Preferably, it should be referred to as a "manipulation of space". Space is the antimatter, whereas the equilibrium between matter and antimatter is a bipolar concept unobtainable because both points tend away from each other. The first pole is the infinitely dense point of matter: matter with no space within it. Let's call it "Bi-pole 1". This concept invites the question: is there infinite space outside of Bi-pole 1?
The second pole is where density is infinitely close to zero, or if there is no mass at all, then zero. One might argue that if all the matter in the universe were contained in one small “black hole” then the density of the rest of the universe, assuming that there is space is close to zero, thus creating a type of equilibrium. But that is not so. The space around that infinitely dense black hole would be very upset, indeed quite warped, and not at all at equilibrium. (note: equilibrium here is defined as a steady state, that is a state in which there is no change through time).
To further define this bipolarity we must introduce another component to the puzzle: Time. We define time as any change with or among particles in space as they relate to each other. As a kind of mathematical joke:
So let's use Δ instead of t for our purposes. Inside Bi-pole 1 there is no space for a change in the relationship between particles (unless there are changes in relationships which require no change in space or motion). Outside of Bi-pole 1 there are no particles to change with respect to each other, therefore:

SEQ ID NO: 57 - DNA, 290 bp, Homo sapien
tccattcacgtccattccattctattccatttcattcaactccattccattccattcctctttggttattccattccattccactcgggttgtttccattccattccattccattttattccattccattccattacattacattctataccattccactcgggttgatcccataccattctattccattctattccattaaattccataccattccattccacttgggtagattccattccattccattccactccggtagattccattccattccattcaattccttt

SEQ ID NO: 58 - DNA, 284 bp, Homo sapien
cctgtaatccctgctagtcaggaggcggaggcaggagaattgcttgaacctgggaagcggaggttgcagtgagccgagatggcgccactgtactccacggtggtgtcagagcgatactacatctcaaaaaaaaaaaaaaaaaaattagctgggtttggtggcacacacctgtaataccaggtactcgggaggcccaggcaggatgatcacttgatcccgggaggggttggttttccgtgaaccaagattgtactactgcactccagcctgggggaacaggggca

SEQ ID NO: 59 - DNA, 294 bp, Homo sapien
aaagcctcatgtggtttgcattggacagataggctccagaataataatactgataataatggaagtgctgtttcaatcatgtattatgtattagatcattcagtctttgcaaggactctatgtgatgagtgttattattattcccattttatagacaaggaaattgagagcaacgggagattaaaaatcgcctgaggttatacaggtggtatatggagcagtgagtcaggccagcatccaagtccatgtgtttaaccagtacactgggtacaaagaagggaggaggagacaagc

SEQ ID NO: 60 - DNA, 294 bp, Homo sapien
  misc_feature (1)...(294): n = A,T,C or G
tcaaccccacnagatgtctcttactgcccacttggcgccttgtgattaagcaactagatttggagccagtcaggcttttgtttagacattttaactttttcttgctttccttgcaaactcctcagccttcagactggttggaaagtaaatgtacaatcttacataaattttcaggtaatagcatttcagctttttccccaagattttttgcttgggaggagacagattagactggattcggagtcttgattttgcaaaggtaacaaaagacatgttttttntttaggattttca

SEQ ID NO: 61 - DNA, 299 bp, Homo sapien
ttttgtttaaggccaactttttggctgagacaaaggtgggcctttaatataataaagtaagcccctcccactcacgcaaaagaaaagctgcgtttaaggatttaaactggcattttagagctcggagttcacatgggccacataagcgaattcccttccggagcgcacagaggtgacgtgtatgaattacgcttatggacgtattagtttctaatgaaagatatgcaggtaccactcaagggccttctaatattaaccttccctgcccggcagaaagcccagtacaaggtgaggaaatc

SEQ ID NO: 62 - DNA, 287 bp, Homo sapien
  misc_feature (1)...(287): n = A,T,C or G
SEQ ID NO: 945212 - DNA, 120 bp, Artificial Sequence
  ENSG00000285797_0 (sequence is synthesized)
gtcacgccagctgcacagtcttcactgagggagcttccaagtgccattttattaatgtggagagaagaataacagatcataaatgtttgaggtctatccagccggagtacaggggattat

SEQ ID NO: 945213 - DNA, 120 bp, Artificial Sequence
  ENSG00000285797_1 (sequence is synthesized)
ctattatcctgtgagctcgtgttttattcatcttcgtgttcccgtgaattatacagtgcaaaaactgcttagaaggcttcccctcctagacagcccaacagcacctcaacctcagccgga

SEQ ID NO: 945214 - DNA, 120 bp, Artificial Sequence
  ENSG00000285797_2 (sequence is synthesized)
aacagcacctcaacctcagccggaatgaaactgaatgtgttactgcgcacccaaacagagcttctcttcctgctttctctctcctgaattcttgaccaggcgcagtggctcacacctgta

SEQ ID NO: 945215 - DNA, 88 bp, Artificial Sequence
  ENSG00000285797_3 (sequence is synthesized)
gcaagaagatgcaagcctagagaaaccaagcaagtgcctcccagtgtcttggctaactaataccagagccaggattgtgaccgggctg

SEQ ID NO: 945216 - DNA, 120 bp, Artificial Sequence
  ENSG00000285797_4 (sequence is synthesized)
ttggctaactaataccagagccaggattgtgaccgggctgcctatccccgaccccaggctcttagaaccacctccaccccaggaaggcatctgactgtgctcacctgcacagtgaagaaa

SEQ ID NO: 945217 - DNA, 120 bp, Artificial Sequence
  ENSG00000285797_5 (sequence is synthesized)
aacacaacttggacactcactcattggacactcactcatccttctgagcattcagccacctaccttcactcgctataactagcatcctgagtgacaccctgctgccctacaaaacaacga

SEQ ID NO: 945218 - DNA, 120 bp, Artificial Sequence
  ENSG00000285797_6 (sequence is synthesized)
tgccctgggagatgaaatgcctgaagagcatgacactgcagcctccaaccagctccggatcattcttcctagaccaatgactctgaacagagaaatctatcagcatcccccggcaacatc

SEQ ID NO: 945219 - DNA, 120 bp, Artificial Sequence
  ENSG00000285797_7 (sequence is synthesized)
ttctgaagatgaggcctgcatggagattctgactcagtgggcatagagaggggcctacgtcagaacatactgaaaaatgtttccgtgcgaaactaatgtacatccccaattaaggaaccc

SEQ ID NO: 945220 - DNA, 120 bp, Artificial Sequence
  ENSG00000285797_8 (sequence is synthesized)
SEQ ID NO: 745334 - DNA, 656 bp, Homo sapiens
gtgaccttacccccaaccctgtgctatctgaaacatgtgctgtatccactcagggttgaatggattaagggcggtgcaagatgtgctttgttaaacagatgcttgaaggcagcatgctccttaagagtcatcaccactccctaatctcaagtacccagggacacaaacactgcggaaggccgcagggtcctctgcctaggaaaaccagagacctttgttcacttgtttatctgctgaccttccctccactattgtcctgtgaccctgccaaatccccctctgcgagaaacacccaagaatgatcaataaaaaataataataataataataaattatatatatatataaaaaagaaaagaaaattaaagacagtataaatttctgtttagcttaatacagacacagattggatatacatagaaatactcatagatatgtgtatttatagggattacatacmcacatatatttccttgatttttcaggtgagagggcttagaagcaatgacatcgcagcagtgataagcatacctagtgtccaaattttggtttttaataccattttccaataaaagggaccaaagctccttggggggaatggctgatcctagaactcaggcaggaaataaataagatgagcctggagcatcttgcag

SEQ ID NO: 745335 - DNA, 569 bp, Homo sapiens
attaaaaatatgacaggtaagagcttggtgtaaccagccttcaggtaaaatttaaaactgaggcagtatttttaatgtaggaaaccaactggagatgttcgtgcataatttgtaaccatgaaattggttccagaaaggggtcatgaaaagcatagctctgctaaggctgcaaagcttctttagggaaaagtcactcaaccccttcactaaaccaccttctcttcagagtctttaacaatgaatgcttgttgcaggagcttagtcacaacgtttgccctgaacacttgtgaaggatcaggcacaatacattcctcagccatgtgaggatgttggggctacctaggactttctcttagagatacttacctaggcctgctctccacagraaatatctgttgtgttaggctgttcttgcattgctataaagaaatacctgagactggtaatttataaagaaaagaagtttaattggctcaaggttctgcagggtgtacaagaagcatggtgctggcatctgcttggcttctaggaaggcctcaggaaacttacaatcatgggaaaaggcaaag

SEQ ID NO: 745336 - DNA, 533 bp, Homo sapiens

The second part of the Bi-pole, let's call it "Bi-pole 0", has a point of equilibrium where there is an infinity of space between any two particles. This infinity itself would only be infinity. so again:
Where M = mass, s = space and Δ = t = change, the unifying concept is that space tends to fill mass and that mass tends to exist as self, both tending toward an equilibrium where Δ=0.
If these ideas hold true, what is a practical application for them? If the unifying concept holds true then by the manipulation of particles and their relationship to each other we should be able to manipulate space and since we can predict the direction in which space tends to move we can therefore affect the shape and behavior of space-time through the manipulation of the density and orientation of matter.